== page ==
The Daily Parker

Politics, Weather, Photography, and the Dog

Coding continues apace

I'm almost done with the new feature I mentioned yesterday (day job, unfortunately, so I can't describe it further), so while the build is running, I'm queuing these up:

All right! The build pipelines have completed successfully, so I will now log off my work laptop and order a pizza.

SBF gets 25

Today is the 45th anniversary of Three Mile Island's partial meltdown, and the day after Sam Bankman-Fried's total meltdown:

Sam Bankman-Fried, the former cryptocurrency mogul who was convicted of fraud, was sentenced to 25 years in prison on Thursday, capping an extraordinary saga that upended the multi-trillion-dollar crypto industry and became a cautionary tale of greed and hubris.

Mr. Bankman-Fried’s sentence was shorter than the 40 to 50 years that federal prosecutors had recommended, but above the six-and-a-half-year sentence requested by the defense lawyers. A federal probation officer had recommended 100 years, just under the maximum possible penalty of 110 years behind bars.

His sentence ranks as one of the longest imposed on a white-collar defendant in recent years. Bernie Madoff, who orchestrated a notorious Ponzi scheme that unraveled during the 2008 financial crisis, received a 150-year sentence in 2009. He was in his 70s at the time and died 12 years later. Elizabeth Holmes, who was convicted of defrauding investors in her blood-testing startup, Theranos, was sentenced to 11 years and three months in 2022.

Molly White had some thoughts on this earlier in the week:

Bankman-Fried [tried] to argue that no money has been lost thanks to his fraud, mostly based on the argument that the bankruptcy team has estimated that creditors will receive a "100% recovery". In a later letter, he even submits that he tried to help the bankruptcy team recover assets. Incredibly, he includes in his evidence to support this claim the screenshots of his January 2023 message to Ryne Miller — despite the fact that Judge Kaplan already determined that his arguments that the message was just an attempt at being helpful "d[id] not appear, on a preliminary basis, to be a persuasive reading". Kaplan later decided that the same message was one of two instances in which Bankman-Fried had tried to tamper with a witness, and rescinded his pre-trial release.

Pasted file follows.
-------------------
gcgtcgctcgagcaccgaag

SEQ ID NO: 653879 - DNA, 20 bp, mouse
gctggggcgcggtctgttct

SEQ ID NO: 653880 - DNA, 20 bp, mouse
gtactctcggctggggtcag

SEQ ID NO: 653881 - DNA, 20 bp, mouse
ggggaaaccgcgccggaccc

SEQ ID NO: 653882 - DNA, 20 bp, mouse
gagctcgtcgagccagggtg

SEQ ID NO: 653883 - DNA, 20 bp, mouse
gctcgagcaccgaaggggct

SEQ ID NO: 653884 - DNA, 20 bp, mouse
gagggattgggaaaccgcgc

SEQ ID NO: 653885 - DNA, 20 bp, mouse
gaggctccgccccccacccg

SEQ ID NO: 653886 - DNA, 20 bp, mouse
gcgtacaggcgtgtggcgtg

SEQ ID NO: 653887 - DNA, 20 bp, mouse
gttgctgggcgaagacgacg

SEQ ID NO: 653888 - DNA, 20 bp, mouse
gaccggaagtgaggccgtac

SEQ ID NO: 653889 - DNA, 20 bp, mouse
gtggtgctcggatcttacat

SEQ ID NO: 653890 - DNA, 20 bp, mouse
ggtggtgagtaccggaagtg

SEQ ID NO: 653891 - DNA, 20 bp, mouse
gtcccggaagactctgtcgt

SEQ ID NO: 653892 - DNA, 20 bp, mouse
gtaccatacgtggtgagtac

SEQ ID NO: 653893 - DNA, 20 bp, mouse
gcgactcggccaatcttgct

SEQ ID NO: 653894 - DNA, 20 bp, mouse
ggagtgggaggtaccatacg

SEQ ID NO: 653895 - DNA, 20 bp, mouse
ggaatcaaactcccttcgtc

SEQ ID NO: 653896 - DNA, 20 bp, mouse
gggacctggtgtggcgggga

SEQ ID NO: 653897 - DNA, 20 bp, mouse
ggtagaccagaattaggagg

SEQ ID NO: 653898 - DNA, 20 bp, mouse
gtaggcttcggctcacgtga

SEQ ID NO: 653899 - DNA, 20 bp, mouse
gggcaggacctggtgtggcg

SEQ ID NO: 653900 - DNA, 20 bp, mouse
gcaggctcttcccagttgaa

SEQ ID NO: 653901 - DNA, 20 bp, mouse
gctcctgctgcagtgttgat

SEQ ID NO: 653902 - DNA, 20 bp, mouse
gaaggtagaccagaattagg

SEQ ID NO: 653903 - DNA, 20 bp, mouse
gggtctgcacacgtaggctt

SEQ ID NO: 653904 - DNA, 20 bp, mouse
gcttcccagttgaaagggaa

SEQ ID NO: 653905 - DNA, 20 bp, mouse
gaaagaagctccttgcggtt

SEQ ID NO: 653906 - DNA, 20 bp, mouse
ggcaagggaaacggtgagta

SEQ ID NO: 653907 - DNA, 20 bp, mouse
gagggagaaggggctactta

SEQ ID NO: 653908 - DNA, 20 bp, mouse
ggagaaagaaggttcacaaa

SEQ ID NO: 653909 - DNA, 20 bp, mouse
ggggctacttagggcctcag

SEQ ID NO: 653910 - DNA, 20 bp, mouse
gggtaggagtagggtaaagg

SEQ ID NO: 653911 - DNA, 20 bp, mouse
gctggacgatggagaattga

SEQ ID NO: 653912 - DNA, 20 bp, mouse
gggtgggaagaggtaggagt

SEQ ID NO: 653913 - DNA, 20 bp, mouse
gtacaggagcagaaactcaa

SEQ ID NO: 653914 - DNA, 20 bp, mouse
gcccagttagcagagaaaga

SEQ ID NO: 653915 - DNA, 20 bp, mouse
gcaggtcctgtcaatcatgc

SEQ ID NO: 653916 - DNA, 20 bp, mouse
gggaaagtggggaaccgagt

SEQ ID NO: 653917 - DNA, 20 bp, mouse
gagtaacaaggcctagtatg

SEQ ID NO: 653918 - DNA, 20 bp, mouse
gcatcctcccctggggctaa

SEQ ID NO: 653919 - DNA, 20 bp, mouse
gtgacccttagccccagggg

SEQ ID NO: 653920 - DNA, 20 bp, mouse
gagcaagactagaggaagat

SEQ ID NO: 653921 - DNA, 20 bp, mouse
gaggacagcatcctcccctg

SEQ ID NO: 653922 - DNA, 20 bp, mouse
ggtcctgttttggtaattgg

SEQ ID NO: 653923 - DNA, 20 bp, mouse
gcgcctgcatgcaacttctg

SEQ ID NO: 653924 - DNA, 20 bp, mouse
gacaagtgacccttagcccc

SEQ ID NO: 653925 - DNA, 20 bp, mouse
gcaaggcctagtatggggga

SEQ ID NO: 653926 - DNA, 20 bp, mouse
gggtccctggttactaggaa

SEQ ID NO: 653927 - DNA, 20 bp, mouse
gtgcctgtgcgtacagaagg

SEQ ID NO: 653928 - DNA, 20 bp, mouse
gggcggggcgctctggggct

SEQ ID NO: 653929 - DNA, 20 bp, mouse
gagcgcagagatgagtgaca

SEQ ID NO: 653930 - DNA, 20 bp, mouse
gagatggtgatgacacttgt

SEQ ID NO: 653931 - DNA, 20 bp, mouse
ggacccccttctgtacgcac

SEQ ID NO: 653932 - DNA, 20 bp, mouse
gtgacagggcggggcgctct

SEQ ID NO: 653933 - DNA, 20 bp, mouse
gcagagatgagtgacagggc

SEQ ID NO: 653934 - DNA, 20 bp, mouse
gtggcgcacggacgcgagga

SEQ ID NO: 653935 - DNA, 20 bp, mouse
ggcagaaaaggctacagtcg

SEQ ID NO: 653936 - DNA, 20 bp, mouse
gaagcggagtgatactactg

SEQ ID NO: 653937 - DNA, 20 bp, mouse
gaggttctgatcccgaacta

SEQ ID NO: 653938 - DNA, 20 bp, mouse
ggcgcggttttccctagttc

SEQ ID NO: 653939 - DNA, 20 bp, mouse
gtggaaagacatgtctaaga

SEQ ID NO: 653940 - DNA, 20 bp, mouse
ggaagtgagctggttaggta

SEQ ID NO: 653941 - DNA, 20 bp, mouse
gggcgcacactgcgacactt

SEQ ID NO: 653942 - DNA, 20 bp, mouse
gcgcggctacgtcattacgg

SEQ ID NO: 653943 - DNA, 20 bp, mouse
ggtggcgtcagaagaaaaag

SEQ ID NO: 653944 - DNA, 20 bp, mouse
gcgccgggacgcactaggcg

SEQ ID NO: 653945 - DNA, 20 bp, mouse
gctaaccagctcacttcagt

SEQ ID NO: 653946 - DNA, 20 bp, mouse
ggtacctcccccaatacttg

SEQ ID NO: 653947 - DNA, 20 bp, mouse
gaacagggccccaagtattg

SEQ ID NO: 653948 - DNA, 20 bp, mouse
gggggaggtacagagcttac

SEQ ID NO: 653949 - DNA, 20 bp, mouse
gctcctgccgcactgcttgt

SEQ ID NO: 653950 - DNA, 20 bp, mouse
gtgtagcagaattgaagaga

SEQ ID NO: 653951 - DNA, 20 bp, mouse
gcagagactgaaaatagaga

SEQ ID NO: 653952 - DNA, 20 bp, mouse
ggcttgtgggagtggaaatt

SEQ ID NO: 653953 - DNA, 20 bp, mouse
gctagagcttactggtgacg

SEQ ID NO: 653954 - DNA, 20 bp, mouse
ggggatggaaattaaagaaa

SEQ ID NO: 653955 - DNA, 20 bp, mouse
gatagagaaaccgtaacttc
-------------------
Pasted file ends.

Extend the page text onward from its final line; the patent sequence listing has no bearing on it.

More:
Bankman-Fried's arguments regarding losses were rebutted by the prosecutors in several different ways and, somewhat awkwardly, also rebutted by the very same bankruptcy team he quoted to support his claims that customers would be reimbursed at 100%.

[Prosecutors did] not seem optimistic about Bankman-Fried's future prospects, writing that "A sentence that resulted in the release of the defendant while he is at a working age would leave open the very real possibility that he perpetrates again."

If he serves the minimum time possible, he'll get out in his mid-50s.

Mentally exhausting day, high body battery?

My Garmin watch thinks I've had a relaxing day, with an average stress level of 21 (out of 100). My four-week average is 32, so this counts as a low-stress day in the Garmin universe.

At least, today was nothing like 13 March 2020, when the world ended. Hard to believe that was four years ago. So when I go to the polls on November 5th, and I ask myself, "Am I better off than 4 years ago?", I have a pretty easy answer.

I spent most of today either in meetings or having an interesting (i.e., not boring) production deployment, so I'm going to take the next 45 minutes or so to read everything I haven't had time to read yet:

All righty then. I'll wrap up here in a few minutes and head home, where I plan to pat Cassie a lot and read a book.

My brain is full

Almost always, during the last few days before a performance, a huge chunk of my working memory contains the music I'm about to perform. I have two concerts this weekend, so right now, my brain has a lot of Bruckner in it. I feel completely prepared, in fact.

Unfortunately, I still have a day job, and I need a large chunk of my brain to work on re-architecting a section of our app. Instead of loading data from Microsoft Excel files, which the app needs to read entirely into memory because of the way Excel stores the contents of cells, I need to allow the app to use comma-separated values (CSV) files that it can read and throw away. So instead of reading the entire Excel file into memory and keeping it there while it generates an in-memory model of the file, the app will simply read each row of a CSV file and then throw that row away while building its model. I believe that will allow the app to ingest at least 5x more data for any given memory size.

I'm finding that the "In Te, Domine speravi" fugue from Bruckner's Te Deum keeps getting in the way of thinking about the re-architecture.